These particular beasts were motivated by a curse to make a patch of land, the site of a slaughter, uninhabitable for one night a year. This is in keeping with a long tradition in horror that employs insects, arachnids, and vermicullae for shock value, from “Them!” and its giant mutant ants to the “Indiana Jones” franchise to the spiders of “Arachnophobia.” These scares work so well because a significant percentage of viewers fear this group of animals. Their appearance is disturbing, with too many legs, too many eyes, and rapid, skittering movements. Some varieties of spiders and insects have poisonous bites, or cause fatal allergic reactions. Leeches and mosquitoes feed on human blood.
Other critters are associated with death and decay. Decomposers surround bodies both human and animal, eager to feed, be they flies or beetles or worms. A useful ecological function to be sure, but a disturbing one: one witch on Supernatural avenged herself on an ex-lover with a plate of maggot riddled food and a spell to take the maggots to him.
Swarms are the most frightening aspect of these creatures. Millions upon millions of bugs which are individually frightening become a terror when they band together. The swarm hints at just how many more insects there are than people on earth; the ratio may be as many as 200 million to one. Picture that cloud of bees coming at you, landing on you. No wonder some of the more horrible ancient punishments involved placing a victim in the way of a swarm. That most famous of swarming insects, the locust, had a role in Supernatural’s “The Third Man.” A boy using a fragment of the Staff of Moses to avenge his brother caused locusts to eat their way out of a man’s skull.
Animals in Other Magic
The magic in Supernatural often requires animals, or at least animal components.
Rabbits have been spell victims. Sam and Dean had to contend with a cursed rabbit’s foot, which had been made years before by a witch who killed the rabbit in a graveyard. The origin of the rabbit’s foot as a good luck charm is debated, but rabbits have a long association with magicians and magic. One of the magicians in “Criss Angel is a Douchebag” had one. The first episode specifically about witches, “Malleus Maleficarum”, had hex bags containing bird bones and rabbit teeth. Dean got quite a shock when he walked into one witch’s home and found the rabbit that died for the spell. He felt sorry for the “poor little guy”.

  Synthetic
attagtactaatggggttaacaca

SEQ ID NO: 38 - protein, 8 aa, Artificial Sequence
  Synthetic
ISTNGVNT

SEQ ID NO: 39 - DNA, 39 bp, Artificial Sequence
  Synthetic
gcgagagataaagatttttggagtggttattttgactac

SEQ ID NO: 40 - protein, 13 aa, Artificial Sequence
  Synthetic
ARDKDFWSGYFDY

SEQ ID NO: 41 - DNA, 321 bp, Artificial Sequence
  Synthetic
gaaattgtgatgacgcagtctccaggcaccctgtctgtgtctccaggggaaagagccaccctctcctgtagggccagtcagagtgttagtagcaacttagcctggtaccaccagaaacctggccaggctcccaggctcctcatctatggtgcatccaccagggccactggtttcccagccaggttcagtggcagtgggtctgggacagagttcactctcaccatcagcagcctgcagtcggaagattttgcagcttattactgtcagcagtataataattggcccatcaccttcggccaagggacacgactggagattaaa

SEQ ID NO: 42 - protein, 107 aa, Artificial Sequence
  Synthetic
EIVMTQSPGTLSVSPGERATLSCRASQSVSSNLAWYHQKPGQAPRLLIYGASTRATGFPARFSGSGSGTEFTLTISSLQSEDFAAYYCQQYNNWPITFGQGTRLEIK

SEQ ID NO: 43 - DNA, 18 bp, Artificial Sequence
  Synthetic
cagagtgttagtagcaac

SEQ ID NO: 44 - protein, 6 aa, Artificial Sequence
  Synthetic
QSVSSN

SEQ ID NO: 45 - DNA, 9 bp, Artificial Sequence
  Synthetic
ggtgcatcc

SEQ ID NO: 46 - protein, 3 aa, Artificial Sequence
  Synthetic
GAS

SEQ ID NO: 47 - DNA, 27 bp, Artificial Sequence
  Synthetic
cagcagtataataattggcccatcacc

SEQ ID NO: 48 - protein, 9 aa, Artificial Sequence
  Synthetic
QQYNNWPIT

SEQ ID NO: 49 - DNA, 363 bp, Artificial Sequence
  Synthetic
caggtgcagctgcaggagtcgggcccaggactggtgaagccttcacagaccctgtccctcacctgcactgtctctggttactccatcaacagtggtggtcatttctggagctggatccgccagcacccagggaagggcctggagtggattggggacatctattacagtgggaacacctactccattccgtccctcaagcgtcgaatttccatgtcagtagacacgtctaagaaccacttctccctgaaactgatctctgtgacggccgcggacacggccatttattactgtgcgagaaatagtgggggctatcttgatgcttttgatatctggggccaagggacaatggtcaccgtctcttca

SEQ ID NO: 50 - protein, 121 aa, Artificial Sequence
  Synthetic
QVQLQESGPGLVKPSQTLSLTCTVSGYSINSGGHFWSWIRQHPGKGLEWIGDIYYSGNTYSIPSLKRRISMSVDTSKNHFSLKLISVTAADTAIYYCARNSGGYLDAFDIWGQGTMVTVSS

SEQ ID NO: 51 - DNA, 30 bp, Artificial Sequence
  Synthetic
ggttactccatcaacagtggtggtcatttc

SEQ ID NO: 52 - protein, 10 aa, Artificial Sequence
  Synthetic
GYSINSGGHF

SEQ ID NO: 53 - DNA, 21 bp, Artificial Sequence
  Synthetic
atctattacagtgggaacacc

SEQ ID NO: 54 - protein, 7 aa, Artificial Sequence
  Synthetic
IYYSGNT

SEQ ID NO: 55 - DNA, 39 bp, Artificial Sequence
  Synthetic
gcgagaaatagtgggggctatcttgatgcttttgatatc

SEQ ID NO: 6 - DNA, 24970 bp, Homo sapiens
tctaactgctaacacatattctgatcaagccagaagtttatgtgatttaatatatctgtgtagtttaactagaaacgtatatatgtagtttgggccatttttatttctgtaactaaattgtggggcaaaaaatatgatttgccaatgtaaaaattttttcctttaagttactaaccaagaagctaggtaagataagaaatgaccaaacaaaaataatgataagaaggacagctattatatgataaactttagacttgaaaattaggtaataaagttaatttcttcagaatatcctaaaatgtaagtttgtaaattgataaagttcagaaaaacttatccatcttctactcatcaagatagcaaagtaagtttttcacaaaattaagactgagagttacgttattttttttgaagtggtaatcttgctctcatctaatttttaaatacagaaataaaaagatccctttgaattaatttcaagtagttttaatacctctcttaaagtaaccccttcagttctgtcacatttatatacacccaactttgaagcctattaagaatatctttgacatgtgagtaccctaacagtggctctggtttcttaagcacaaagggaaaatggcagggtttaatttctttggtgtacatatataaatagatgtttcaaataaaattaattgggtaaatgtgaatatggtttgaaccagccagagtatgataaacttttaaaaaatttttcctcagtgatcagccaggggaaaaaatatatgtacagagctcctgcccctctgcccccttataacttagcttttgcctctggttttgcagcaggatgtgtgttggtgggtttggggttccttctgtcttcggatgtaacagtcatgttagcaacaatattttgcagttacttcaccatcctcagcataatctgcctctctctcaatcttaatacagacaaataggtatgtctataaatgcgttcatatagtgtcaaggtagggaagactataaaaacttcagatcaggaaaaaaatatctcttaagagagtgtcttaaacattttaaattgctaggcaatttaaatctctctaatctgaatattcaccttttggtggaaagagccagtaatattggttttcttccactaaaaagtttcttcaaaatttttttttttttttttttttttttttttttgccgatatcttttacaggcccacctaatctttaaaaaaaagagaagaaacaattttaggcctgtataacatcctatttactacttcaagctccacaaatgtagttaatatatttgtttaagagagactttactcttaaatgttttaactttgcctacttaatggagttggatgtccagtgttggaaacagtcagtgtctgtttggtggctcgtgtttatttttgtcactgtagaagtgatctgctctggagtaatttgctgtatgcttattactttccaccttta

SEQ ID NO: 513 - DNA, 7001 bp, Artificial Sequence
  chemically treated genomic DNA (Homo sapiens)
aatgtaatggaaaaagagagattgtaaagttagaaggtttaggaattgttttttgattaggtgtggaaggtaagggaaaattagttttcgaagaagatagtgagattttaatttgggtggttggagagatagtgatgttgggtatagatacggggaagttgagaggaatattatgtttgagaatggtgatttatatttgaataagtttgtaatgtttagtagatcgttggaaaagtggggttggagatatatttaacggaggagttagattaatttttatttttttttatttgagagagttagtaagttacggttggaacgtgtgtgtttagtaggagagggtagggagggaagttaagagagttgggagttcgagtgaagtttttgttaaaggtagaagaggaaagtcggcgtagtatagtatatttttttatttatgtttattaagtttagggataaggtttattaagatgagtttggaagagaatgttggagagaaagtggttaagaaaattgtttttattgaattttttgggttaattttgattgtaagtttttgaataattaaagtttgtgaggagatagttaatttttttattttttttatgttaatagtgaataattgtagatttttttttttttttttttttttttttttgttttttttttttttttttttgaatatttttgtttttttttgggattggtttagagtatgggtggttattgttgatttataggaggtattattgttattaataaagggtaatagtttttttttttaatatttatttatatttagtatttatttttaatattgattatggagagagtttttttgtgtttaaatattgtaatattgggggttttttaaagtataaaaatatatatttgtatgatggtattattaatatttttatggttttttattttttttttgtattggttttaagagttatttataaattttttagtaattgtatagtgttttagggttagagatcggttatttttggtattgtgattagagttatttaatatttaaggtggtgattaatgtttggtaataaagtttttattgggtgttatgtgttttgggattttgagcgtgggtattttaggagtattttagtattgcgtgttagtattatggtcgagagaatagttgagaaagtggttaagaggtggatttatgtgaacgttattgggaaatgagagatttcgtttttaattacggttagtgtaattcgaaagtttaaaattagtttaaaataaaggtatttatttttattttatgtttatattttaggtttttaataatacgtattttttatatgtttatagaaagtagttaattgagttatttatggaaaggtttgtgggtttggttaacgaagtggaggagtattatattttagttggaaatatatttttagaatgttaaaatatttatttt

Lamb’s blood has its uses, too. To kill a djinn, the brothers used a silver knife dipped in lamb’s blood. Years later, when Balthazar sent them to an alternate universe, he pulled lamb’s blood from Bobby Singer’s refrigerator to add to other spell components. If Bobby keeps something like that on hand, then lamb’s blood may have other common uses in the Supernatural universe. Outside of the show, the blood of the lamb is a well-known Christian metaphor related to redemption and absolution. In the book of Exodus in the Old Testament, it was lamb’s blood that marked the door posts of those who would be saved from the destroyer sent to kill the firstborn of Egypt. Lambs were considered an acceptable form of sacrifice.
Both rabbits and lambs are traditional sources of meat. Rabbits are thought to have been domesticated before 1000 B.C. As prolific breeders, they were a reliable source of meat for long sea voyages, and were suitable for sport hunting. During the Middle Ages they were approved for consumption during lent. The first use of rabbits as pets may have been during the Renaissance, and has since become more common, but rabbits remain a food source for many people. Sheep are an even older domestic animal, thought to have been tamed by 7000 B.C. Lambs are sheep under one year of age, and are favored for their tender meat.
The commercial slaughter of rabbits and lambs is an advantage for Sam and Dean, should they ever need the components. While it appears that witches like to do their own butchering, Sam and Dean do not seem as eager to shed animal blood. Neither of them is opposed to using the components when necessary, and they are far from vegetarians. Actually, Dean is the opposite of a vegetarian. And he doesn’t mind vampires eating cows either. But the brothers spend so much time killing monsters, and the occasional evil human, that animals must seem innocent by comparison, and killing them is not something that they would relish.